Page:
Inheritance tax is possibly one of the most contentious taxes in force but is also one which can, in the right circumstances, be mitigated with relatively straightforward planning. A record £5.4bn was paid in the past financial year and forecasts from insurer Canada Life suggest that IHT receipts will bring in £10bn a year by 2030.
So if Inheritance tax planning can reduce the burden, why don’t more people actually plan to do this? Well, there still remains a fairly widespread lack of understanding in the way the rules are applied and some common ‘myths’ that make people believe that their overall inheritance tax position is lower than it actually is. Do any of the following sound familiar to you?
1) IHT only applies to the super wealthy so why do I need to worry
Statistics show that over 50% of the total annual receipts from inheritance tax is paid by estates within the South East. High property prices often mean that the value of your home alone can bring you within the inheritance tax net resulting in a 40% tax bill. Each individual benefits from a ‘nil rate band’ which is currently set at £325,000 but with the price of a first home in the South East being in the region of £275,000 it is clear to see how IHT could affect a much wider number of estates in this area.
2) My partner will inherit all of my estate so no IHT will be due on my death anyway
Whilst transfers between spouses may be exempt for IHT there are a few points to bear in mind here. Firstly, you should ensure that you have a will drawn up to this effect. If you die without a will the rules of intestacy will be used to determine who benefits from your estate and this may mean that not all of your estate passes to your spouse and may become chargeable. If your spouse is non UK domiciled there is a limit to how much can pass to them under the exemption which again may result in part of the estate being chargeable to IHT. Perhaps the biggest misconception here though is the concept of ‘Common Law Spouses’. If you are unmarried at the date of your death, not only would your partner have no automatic rights under the intestacy rules if you die without a will, there is no exemption at all for any assets that pass to them and the estate may be fully chargeable.
3) Isn’t the IHT threshold before you have to pay tax now £1m, so even taking into account the value of my home I’m unlikely to have an estate worth more than this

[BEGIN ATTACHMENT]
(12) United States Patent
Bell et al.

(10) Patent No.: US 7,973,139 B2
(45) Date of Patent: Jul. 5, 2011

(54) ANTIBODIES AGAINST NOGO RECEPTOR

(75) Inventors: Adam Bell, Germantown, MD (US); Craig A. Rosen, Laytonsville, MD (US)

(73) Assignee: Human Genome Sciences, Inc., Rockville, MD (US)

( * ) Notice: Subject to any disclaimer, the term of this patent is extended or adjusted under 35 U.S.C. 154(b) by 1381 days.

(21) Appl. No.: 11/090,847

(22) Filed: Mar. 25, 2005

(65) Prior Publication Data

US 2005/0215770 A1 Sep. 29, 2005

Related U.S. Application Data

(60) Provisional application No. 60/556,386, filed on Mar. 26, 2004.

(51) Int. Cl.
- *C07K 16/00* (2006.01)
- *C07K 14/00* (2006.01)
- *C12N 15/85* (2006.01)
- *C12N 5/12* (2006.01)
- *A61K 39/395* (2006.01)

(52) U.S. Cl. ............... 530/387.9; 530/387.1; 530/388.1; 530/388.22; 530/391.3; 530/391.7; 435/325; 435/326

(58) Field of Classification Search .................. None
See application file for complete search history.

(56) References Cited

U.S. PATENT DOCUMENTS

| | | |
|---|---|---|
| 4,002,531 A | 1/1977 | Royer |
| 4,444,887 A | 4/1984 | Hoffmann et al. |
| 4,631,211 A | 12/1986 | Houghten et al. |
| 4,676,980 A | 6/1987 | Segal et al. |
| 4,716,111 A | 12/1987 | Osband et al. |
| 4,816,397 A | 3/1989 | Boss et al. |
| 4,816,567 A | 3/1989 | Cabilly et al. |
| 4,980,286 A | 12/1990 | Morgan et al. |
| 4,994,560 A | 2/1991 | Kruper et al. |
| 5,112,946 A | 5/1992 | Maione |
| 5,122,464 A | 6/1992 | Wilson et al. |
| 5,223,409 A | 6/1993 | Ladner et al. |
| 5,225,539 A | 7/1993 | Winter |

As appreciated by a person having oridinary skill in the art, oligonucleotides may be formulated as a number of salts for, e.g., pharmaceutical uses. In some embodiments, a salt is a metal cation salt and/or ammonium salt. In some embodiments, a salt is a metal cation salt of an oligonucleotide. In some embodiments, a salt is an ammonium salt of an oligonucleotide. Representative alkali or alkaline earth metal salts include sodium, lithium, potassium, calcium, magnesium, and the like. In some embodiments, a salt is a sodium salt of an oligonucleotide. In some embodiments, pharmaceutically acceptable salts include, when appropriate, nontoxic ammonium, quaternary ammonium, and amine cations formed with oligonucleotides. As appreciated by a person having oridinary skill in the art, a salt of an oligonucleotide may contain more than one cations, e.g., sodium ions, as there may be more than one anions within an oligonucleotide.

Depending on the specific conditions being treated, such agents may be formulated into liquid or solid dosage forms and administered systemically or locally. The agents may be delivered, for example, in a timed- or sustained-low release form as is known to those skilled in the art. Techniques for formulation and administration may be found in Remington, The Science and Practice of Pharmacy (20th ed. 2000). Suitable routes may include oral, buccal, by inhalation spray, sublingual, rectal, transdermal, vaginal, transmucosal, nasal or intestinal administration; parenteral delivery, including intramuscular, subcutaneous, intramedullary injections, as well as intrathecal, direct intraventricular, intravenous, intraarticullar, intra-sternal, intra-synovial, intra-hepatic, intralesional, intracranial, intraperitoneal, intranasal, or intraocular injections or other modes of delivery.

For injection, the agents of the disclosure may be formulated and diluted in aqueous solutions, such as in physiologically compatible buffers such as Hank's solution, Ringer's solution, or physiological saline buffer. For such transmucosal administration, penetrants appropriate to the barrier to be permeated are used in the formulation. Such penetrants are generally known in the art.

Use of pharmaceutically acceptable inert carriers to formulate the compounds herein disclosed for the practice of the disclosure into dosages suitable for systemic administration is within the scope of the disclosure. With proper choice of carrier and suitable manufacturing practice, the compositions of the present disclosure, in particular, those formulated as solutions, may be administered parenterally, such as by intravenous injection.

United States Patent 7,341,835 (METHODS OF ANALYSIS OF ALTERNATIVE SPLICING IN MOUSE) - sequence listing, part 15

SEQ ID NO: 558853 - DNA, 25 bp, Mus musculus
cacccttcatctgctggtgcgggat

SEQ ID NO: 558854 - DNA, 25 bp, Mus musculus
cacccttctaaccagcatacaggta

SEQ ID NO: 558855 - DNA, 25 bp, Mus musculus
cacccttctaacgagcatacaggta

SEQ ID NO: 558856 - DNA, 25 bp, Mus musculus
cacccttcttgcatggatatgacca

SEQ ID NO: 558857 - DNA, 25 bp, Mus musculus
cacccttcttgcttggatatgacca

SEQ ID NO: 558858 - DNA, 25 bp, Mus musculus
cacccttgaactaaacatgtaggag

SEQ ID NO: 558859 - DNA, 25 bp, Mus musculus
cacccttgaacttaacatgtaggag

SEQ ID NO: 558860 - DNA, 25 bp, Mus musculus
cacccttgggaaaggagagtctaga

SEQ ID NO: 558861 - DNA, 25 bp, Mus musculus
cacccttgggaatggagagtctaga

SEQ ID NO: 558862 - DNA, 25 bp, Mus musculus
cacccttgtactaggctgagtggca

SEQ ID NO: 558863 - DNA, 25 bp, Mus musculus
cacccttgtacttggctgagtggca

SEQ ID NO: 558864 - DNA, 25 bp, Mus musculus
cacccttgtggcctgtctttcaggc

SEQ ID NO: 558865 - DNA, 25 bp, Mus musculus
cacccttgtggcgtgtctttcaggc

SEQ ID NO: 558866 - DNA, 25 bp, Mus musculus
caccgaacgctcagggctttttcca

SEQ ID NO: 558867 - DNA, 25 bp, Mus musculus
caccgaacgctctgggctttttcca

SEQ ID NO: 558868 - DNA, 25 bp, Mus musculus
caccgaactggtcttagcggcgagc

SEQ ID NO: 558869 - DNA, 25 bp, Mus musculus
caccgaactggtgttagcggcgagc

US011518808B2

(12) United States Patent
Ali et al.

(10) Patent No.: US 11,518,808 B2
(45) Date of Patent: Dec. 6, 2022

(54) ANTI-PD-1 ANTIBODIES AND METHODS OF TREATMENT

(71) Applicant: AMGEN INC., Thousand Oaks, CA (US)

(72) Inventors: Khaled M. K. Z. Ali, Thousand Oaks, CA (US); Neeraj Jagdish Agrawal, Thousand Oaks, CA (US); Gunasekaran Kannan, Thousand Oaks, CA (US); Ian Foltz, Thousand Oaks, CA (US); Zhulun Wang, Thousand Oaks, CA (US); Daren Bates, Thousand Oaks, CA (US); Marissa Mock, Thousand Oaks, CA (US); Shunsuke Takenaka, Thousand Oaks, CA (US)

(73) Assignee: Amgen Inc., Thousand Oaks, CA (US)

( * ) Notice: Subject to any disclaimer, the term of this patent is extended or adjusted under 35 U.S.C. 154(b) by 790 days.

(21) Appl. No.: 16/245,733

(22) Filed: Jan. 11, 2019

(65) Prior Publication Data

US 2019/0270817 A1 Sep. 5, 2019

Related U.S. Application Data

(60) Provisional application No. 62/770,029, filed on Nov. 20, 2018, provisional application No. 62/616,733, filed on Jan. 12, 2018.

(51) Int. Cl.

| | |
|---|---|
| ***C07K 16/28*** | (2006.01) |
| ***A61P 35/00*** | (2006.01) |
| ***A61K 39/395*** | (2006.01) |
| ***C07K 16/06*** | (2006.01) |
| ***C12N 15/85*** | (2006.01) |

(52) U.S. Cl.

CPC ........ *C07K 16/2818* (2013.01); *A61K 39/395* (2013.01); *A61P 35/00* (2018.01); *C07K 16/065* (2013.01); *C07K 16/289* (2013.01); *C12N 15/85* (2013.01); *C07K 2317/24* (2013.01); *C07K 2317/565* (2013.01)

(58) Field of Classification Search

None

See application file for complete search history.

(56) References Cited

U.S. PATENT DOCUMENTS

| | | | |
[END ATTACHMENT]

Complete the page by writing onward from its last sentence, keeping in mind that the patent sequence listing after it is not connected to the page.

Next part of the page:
The fabled £1m limit was often quoted in the press (and by the government!) when the new ‘residential nil rate band’ was introduced where you passed on your main residence. The maximum residential nil rate band will increase to £175,000 in 2020/21. Adding this to the current nil rate band means that each individual will potentially have a ‘threshold’ of £500,000 giving us a the £1m threshold per couple. However, the residential nil rate band comes with some strict conditions and where these aren’t met it won’t be available. Perhaps the most ‘unfair’ of these is that the home must be passed down to lineal descendants so couples that have not had children will not be able to benefit. The rules are complex and careful planning is needed to ensure the residential nil rate band can be maximised.
4) I can save IHT by gifting my home to my children/trust now and provided I survive 7 years it will fall outside of my estate completely
A very common question however the counter question is always the same. So where are you going to live then? In almost all cases the response will be ‘well I’ll just continue to live there – the kids won’t mind’. Unless you’re willing to pay a full market rate to your children to continue living in the home, the value of this will remain within your estate for IHT purposes all the time you remain in occupation. There are anti-avoidance rules referred to as the ‘gift with reservation’ rules which ensure that any gifts made during your lifetime will still be fully chargeable in your estate when you die if you continue to benefit from the asset. What’s worse in this situation is that not only does the full value end up being chargeable to IHT, your children would not get the benefit of having the ‘value’ uplifted to market value at the date of your death so when they sell the property capital gains tax may also be due.
5) If I make a gift but don’t survive 7 years the chargeable value in my estate is reduced for each year I have survived
There is a measure of ‘taper’ relief if you survive for at least 3 years after making a gift. However, while most people think that it is the value of the gift itself which is tapered this is not correct and it is the rate of tax that is reduced. If the gift falls within the available nil rate band at death then there is no tax to pay on and therefore no relief at all. However, more of the value of the estate upon death is taxed at 40% as there is less nil rate band available.
You might find that your view of Inheritance tax has now changed and may want to consider what options you have to reduce the exposure. On the other hand, you might still be of the view that if your beneficiaries inherit 60% of your estate they should count themselves lucky. It is your choice either way but you should make sure its based on sound advice not any common myths. If you want to learn more then contact us on 01892 507288 and arrange a free, no obligation initial meeting.